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First it is necessary to remove the instrument signature from the
image data. This task is sometime called ``data reduction''. The
procedure is to a large extent similar to that followed when reducing
astronomical CCD image data [for example Massey, 1992].
In most cases the reduction is carried out first by removing additive
effects, and then proceeding with multiplicative effects.
Removing the instrument signature
The simplest way to remove the bias is to subtract an image obtained
with zero integration time (usually called bias-frame or
zero-exposure). However as the bias-frame is subject to the
same read noise (Section 3.1.7) as the object-image, this will
generally increase the noise by a factor of . Preparing a
bias-correction image by averaging many bias-frames together
reduces this problem. As the bias varies over time it would severely
impair the temporal resolution if a large number of zero exposures
needed to be taken at regular intervals. To remedy this most CCDs
are equipped with some extra pixels at the edge of each line. These pixels
are shaded from light and thus provide bias information for each line
for each image read-out. In the case of the ALIS imager, there are
bias-pixels (also called reference pixels, or
overscan-strip) for each line of each quadrant on the CCD as
indicated in Figure 4.1.
For each pixel, the bias (or
, can be expressed as follows:
is the black-level (or preset bias), as
given in Table 4.1. This value is set in the CCD configuration
Preset bias-levels (black-levels) for the ALIS imagers. The values are obtained from the configuration files for the imagers.
file (Section 3.3.3).
Bias variations between the four read-out channels can be equalised by
subtracting the quadrant bias,
each quadrant (
). This value can be found by averaging
pixels from either zero exposure or from the bias-pixels.
is the overscan-strip correction, which is
obtained by selecting good bias-pixels (not all are usable) and
averaging them together on each line. The number of bias-pixels varies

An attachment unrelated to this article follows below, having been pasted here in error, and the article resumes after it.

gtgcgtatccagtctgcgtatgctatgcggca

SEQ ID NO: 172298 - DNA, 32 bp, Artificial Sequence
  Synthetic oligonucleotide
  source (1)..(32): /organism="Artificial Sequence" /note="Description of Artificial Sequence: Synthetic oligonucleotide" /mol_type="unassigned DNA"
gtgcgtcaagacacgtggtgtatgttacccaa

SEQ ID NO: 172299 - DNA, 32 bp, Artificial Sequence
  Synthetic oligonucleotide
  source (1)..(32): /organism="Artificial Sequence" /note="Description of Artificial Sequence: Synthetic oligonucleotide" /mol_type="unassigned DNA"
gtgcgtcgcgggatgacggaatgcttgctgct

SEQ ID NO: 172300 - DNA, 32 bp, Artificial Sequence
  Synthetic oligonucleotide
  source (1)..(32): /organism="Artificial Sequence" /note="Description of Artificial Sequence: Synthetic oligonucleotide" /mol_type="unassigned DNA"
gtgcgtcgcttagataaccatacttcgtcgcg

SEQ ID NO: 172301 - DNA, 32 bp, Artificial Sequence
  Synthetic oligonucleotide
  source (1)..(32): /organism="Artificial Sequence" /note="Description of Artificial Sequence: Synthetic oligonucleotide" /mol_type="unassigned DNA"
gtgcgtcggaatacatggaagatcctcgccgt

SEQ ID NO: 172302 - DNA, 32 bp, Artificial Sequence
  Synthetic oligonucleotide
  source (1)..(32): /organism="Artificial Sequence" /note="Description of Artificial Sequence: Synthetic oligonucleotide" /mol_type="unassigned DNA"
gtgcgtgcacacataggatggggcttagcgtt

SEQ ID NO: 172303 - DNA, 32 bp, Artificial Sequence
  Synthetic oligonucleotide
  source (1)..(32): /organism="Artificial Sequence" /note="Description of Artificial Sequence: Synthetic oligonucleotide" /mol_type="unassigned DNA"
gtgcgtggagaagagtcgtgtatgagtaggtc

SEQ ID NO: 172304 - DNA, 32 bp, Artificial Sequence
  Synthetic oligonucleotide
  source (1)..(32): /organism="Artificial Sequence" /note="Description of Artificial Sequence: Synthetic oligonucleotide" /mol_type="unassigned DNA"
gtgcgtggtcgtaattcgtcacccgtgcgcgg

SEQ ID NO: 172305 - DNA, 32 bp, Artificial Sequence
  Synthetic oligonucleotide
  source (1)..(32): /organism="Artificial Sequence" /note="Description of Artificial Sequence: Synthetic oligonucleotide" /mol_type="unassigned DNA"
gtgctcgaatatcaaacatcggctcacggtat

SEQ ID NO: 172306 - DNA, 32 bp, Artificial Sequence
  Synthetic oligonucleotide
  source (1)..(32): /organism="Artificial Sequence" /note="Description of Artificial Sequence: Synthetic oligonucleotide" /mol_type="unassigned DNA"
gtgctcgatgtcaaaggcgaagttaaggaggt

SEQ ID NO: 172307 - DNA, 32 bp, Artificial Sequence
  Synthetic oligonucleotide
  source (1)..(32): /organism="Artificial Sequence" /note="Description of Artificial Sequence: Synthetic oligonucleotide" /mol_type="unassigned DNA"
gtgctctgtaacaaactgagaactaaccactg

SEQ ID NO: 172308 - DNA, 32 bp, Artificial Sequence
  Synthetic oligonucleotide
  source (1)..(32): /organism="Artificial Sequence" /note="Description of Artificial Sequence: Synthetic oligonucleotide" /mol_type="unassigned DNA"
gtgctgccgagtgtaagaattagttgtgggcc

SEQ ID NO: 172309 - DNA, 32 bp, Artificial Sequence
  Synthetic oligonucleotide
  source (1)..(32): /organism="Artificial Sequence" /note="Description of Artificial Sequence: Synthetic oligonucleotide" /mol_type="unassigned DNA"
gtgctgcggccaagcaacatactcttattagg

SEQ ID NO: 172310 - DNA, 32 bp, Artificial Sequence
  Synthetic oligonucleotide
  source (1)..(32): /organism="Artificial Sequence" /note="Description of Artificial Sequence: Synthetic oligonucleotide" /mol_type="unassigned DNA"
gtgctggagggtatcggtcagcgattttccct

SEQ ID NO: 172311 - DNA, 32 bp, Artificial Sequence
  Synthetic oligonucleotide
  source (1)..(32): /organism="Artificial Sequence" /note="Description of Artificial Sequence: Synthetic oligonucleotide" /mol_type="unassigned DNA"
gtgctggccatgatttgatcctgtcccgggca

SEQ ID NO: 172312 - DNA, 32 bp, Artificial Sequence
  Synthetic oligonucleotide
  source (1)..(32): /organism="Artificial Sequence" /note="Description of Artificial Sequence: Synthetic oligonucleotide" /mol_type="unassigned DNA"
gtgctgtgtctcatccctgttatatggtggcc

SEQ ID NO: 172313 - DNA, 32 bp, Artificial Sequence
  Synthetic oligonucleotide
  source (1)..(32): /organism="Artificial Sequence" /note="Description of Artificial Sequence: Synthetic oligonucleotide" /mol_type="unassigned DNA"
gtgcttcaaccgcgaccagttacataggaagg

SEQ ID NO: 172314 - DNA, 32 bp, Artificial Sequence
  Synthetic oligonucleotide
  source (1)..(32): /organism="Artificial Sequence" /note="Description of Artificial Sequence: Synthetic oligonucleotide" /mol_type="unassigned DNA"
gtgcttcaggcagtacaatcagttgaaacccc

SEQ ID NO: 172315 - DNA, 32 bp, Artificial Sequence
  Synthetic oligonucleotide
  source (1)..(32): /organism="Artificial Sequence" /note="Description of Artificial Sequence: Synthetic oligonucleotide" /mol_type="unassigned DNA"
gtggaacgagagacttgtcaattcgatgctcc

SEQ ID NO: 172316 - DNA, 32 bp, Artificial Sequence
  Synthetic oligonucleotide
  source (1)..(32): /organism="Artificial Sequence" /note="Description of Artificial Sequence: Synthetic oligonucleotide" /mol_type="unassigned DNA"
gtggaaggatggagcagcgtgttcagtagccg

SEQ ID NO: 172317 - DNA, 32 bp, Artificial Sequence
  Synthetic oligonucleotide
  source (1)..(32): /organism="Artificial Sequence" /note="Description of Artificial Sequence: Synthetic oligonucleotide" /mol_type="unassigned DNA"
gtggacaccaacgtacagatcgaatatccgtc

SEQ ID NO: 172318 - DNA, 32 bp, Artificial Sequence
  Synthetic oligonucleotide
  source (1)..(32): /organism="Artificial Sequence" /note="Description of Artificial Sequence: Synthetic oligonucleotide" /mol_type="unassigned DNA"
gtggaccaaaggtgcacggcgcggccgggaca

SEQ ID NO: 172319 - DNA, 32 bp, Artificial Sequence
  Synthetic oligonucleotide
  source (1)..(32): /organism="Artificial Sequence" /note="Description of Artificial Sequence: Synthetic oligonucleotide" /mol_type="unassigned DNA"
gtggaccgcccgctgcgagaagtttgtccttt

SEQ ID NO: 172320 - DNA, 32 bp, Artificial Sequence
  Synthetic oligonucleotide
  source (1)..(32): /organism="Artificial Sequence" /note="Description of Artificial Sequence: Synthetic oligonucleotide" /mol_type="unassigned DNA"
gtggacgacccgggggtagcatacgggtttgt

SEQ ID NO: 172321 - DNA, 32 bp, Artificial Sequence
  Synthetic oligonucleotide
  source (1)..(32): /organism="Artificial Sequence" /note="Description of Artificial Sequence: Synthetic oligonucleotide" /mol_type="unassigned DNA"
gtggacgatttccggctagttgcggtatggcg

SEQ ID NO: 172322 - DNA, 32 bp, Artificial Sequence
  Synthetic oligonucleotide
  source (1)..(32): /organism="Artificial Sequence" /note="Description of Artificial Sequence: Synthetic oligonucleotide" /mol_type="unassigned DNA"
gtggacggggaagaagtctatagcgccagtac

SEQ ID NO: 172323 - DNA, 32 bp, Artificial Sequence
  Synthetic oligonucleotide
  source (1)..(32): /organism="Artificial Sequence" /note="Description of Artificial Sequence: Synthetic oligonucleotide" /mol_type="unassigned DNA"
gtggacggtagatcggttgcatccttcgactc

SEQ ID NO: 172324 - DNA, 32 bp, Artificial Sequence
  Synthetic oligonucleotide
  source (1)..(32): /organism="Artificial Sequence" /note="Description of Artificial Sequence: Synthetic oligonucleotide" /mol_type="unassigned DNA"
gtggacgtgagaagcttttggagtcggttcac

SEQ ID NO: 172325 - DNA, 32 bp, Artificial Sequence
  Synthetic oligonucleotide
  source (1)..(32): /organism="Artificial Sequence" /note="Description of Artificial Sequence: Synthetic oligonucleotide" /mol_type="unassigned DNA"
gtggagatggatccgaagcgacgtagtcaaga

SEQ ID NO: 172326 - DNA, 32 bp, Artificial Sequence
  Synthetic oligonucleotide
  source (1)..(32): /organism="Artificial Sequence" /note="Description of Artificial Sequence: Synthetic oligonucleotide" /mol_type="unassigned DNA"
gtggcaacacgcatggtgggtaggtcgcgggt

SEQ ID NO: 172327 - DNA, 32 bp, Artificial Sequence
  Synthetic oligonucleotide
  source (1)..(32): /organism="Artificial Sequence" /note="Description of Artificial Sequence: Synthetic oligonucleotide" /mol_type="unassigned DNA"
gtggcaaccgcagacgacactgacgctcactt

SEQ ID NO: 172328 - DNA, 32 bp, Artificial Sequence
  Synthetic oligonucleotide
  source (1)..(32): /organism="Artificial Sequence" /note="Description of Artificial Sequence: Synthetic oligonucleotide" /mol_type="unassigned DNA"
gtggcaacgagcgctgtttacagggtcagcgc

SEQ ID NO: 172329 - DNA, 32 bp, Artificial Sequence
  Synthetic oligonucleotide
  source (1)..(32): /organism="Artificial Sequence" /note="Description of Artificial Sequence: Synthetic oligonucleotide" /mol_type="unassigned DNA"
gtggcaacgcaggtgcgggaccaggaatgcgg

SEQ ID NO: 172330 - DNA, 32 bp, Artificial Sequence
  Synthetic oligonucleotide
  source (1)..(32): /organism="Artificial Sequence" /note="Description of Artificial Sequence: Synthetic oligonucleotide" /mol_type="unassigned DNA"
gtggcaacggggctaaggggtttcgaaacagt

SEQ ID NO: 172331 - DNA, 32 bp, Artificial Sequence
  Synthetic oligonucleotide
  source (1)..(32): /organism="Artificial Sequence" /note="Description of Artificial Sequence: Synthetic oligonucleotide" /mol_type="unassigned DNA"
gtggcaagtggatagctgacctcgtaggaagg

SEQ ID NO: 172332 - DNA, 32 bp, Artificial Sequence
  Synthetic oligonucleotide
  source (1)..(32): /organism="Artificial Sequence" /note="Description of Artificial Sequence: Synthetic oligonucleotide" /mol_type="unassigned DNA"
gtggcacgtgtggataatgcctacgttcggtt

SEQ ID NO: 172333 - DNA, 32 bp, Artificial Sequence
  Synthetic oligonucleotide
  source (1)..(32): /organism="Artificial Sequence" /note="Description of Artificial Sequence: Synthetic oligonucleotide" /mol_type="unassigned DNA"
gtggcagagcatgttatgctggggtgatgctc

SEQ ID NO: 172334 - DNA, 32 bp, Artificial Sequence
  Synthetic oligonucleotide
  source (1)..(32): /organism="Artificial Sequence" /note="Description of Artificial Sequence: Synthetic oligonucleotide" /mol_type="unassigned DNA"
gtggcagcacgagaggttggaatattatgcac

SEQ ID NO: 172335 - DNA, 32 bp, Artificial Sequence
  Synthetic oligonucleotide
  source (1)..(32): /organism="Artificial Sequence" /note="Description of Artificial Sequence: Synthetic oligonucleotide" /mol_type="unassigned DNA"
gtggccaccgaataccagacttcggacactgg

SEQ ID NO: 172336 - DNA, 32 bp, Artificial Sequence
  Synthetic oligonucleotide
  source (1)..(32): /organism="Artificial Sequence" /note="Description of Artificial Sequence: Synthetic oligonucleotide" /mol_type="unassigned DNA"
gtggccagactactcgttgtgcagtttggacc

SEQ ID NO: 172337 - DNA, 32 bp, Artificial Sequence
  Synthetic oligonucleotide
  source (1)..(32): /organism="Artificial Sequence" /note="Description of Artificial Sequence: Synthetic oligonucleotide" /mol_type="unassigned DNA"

between the CCDs, as indicated in Table 4.2.
Total number of pixels and bias-pixels for the six ALIS imagers.
The bias-pixels are given per quadrant.
The number of imaging pixels is
for all six CCDs.
||Total pixels (
The number of usable bias-pixels varies even more. A suitable smooth
function can then be fitted to this averaged bias-column, although
this is not done in the current version of the software.
As mentioned initially, to further enhance the bias removal, it is
also possible to obtain bias-frames (Typically at least 25
images), resulting in an averaged bias-correction
This correction is normally only present when calibrating the imagers.
Correction for the dark-current is performed by taking several
dark-exposures, i.e. long exposures (
s) with the
shutter closed. The dark-current correction
, is then produced by averaging these
images together in much the same way as the averaged bias-correction image
Here is the integration time for image .
However for the ALIS imagers, this correction has been found to be
negligible for integration times less than 10-15 minutes. Therefore,
no dark-current correction is made except for very special cases.
The purpose of the flat-field calibration is to remove multiplicative
variations introduced by pixel-to-pixel sensitivity differences,
vignetting in the optics, variation in transmittance on the filter
surface, etc.. This is done by taking a large number of images of a
uniform flat-field source:
In this equation
is the flat-field
index, , indicates that the flat-field
correction images should be obtained for each wavelength of interest.
Normally this means one set of flat-field images per filter. However a
calibration facility which can take measurements for several
wavelengths within the filter passband would enable measurements of
the combined effects of transmittances (Section 3.1.3) and quantum